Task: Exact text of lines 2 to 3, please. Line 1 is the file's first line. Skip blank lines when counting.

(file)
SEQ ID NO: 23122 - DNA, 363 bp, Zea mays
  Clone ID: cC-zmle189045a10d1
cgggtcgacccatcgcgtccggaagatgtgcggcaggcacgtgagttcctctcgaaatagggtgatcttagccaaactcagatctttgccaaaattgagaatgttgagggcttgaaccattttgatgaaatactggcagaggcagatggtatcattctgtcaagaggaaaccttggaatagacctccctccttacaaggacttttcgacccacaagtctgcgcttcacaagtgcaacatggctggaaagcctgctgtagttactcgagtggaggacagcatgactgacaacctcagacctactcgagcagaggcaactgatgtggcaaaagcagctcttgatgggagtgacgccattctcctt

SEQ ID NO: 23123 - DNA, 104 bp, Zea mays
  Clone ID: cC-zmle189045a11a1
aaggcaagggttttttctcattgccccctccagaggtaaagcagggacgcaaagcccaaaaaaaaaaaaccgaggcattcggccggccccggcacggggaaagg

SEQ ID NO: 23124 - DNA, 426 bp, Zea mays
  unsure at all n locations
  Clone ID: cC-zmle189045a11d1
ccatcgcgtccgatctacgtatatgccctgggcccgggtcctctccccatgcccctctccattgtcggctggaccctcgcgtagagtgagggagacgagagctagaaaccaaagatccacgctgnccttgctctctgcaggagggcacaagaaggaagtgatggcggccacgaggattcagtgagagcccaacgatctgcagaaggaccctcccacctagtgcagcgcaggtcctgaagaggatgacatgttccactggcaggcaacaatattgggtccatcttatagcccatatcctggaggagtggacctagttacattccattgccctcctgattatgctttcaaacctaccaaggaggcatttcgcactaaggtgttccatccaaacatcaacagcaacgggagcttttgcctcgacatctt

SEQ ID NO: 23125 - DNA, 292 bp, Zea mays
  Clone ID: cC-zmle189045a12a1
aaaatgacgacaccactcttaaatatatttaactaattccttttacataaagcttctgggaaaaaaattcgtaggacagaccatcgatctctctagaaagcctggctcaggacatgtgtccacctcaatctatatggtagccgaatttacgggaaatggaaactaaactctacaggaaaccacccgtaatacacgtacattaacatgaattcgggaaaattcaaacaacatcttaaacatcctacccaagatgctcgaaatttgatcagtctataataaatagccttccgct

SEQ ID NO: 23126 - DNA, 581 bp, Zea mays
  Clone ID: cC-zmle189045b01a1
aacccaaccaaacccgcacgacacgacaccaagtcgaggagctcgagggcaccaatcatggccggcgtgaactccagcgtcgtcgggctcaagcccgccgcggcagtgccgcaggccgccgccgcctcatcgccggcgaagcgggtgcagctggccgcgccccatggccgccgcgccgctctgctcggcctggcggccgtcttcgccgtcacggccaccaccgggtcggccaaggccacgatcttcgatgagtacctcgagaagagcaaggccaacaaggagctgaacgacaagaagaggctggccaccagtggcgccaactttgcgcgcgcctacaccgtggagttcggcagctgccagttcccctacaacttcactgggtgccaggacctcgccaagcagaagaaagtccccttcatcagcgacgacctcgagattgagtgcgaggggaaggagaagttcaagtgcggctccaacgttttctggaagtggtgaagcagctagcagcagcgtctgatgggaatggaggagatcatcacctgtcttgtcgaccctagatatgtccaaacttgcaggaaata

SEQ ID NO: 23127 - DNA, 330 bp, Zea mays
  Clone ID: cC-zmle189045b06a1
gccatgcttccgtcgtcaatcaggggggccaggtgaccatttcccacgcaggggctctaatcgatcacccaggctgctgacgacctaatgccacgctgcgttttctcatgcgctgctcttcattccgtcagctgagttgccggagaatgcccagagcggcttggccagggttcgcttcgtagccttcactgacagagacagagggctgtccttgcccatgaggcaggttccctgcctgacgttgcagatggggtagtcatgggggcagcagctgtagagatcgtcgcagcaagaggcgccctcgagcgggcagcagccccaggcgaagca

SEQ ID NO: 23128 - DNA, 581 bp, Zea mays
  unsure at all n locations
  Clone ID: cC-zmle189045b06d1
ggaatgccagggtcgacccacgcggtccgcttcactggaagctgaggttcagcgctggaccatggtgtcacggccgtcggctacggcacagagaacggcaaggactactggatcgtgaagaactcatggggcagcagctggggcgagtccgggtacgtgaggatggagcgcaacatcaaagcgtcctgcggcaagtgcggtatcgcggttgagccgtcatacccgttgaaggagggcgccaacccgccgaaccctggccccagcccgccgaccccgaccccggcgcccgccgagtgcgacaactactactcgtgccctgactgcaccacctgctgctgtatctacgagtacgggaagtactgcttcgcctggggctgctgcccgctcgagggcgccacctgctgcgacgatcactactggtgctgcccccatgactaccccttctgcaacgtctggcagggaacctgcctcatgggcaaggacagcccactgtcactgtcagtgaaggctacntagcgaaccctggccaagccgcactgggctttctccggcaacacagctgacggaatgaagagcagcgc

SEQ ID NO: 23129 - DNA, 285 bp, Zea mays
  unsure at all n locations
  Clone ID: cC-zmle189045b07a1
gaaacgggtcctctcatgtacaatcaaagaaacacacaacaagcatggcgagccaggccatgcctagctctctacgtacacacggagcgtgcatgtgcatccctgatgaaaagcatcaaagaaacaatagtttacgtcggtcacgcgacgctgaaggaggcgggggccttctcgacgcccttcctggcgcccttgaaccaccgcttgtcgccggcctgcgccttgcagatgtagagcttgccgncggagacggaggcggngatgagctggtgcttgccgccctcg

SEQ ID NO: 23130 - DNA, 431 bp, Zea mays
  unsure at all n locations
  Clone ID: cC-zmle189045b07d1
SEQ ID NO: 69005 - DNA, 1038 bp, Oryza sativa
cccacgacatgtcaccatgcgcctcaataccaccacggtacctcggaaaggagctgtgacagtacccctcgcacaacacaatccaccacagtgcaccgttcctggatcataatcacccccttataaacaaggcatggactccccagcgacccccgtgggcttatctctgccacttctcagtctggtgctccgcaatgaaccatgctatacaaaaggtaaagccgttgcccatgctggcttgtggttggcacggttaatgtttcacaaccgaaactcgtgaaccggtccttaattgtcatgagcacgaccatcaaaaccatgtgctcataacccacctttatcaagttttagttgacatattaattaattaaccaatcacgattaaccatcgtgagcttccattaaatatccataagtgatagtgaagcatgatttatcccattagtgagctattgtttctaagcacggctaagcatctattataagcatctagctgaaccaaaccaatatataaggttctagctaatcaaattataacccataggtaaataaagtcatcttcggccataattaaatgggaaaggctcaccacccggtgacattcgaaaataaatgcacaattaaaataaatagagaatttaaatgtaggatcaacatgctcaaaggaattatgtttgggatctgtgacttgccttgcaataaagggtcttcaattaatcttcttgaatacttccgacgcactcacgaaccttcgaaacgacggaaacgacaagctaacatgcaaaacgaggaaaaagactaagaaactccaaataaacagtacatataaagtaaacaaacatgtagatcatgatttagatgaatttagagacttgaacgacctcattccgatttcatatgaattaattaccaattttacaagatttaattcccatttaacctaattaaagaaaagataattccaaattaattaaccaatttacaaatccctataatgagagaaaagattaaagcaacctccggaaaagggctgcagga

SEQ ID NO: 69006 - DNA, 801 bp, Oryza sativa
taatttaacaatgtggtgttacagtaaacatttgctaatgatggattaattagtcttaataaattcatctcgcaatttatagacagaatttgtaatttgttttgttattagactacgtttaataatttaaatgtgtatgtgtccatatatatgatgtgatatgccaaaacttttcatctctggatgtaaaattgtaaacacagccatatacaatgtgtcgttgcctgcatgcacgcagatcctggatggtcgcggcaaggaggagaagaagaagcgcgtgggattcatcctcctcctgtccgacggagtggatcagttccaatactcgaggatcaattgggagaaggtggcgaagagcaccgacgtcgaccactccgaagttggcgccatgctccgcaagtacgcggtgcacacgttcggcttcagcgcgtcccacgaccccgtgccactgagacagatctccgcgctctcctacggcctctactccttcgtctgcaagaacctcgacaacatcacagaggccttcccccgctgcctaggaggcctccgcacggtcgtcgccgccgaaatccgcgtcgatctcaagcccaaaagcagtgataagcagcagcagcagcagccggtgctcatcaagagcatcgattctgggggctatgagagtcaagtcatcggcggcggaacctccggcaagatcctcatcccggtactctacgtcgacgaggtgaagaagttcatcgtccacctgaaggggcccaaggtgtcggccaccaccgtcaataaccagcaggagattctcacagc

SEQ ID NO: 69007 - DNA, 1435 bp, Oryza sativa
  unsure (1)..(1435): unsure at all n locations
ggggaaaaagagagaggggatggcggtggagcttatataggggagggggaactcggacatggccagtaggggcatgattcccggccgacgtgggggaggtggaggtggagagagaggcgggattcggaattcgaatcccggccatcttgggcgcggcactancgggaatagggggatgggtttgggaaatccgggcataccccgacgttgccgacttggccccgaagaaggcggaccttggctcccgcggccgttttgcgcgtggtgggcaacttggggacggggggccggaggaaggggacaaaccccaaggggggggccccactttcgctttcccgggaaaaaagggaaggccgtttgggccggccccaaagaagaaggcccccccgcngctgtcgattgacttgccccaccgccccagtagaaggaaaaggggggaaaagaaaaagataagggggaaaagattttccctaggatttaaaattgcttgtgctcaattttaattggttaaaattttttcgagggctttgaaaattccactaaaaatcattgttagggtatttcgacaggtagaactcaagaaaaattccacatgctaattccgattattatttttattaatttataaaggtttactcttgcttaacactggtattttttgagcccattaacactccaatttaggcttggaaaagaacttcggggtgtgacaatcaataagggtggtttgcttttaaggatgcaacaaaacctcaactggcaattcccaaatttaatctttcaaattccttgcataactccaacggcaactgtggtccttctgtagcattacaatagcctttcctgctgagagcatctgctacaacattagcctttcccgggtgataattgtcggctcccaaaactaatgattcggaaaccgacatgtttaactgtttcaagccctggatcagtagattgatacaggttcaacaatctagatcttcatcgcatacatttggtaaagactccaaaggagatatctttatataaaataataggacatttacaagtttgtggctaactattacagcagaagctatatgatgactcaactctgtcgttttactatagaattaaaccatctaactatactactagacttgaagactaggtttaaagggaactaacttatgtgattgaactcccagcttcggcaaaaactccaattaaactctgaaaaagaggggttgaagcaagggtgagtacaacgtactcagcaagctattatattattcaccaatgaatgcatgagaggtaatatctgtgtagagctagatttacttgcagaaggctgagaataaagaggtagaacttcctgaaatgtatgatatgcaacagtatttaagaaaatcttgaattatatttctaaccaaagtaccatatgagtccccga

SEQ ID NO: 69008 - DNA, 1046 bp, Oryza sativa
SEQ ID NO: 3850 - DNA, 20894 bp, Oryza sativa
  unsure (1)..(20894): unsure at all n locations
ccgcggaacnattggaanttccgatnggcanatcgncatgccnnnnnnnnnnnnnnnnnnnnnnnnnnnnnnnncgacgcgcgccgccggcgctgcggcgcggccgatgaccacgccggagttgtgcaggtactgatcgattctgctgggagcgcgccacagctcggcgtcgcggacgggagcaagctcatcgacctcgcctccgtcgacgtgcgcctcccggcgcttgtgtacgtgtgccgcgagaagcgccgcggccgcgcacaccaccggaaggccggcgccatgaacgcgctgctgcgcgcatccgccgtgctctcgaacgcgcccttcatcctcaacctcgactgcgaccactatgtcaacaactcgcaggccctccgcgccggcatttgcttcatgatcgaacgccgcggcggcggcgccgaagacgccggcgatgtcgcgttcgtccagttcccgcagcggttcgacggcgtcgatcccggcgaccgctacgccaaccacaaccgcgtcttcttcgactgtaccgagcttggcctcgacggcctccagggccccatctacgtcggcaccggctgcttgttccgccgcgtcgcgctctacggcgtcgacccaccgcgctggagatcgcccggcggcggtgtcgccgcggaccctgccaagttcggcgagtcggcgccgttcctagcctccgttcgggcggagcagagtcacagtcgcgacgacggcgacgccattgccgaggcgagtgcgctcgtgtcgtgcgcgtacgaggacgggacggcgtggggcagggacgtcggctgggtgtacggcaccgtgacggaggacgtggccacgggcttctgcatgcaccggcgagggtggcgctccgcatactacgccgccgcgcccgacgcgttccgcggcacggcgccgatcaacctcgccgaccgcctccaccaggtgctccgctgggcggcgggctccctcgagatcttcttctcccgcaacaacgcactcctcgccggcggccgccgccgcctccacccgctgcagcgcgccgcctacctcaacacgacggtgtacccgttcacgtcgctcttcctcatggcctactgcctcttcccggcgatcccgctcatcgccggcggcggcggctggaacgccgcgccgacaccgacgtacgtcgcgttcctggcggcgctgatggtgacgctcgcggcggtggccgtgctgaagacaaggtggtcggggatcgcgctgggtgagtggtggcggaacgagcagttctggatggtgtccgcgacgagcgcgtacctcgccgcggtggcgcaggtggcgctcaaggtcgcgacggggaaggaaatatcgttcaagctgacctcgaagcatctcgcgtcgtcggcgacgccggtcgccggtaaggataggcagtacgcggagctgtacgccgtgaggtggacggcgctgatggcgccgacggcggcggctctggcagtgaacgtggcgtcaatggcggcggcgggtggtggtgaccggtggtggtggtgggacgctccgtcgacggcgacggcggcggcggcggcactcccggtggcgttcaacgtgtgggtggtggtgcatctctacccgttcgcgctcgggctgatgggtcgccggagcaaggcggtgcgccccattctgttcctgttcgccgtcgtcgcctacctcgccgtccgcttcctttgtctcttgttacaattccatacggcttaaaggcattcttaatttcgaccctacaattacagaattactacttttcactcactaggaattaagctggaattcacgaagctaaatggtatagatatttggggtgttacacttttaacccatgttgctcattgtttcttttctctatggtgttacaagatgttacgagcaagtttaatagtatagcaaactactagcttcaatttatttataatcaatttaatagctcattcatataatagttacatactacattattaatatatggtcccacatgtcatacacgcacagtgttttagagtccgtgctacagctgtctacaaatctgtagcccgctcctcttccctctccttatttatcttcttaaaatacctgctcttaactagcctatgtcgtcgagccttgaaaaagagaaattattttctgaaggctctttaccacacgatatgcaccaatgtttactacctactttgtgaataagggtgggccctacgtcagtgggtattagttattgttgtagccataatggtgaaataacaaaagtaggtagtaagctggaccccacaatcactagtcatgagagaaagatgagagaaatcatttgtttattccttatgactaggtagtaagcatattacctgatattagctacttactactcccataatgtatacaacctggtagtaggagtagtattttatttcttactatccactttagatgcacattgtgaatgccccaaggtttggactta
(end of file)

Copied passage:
  Clone ID: cC-zmle189045a10d1
cgggtcgacccatcgcgtccggaagatgtgcggcaggcacgtgagttcctctcgaaatagggtgatcttagccaaactcagatctttgccaaaattgagaatgttgagggcttgaaccattttgatgaaatactggcagaggcagatggtatcattctgtcaagaggaaaccttggaatagacctccctccttacaaggacttttcgacccacaagtctgcgcttcacaagtgcaacatggctggaaagcctgctgtagttactcgagtggaggacagcatgactgacaacctcagacctactcgagcagaggcaactgatgtggcaaaagcagctcttgatgggagtgacgccattctcctt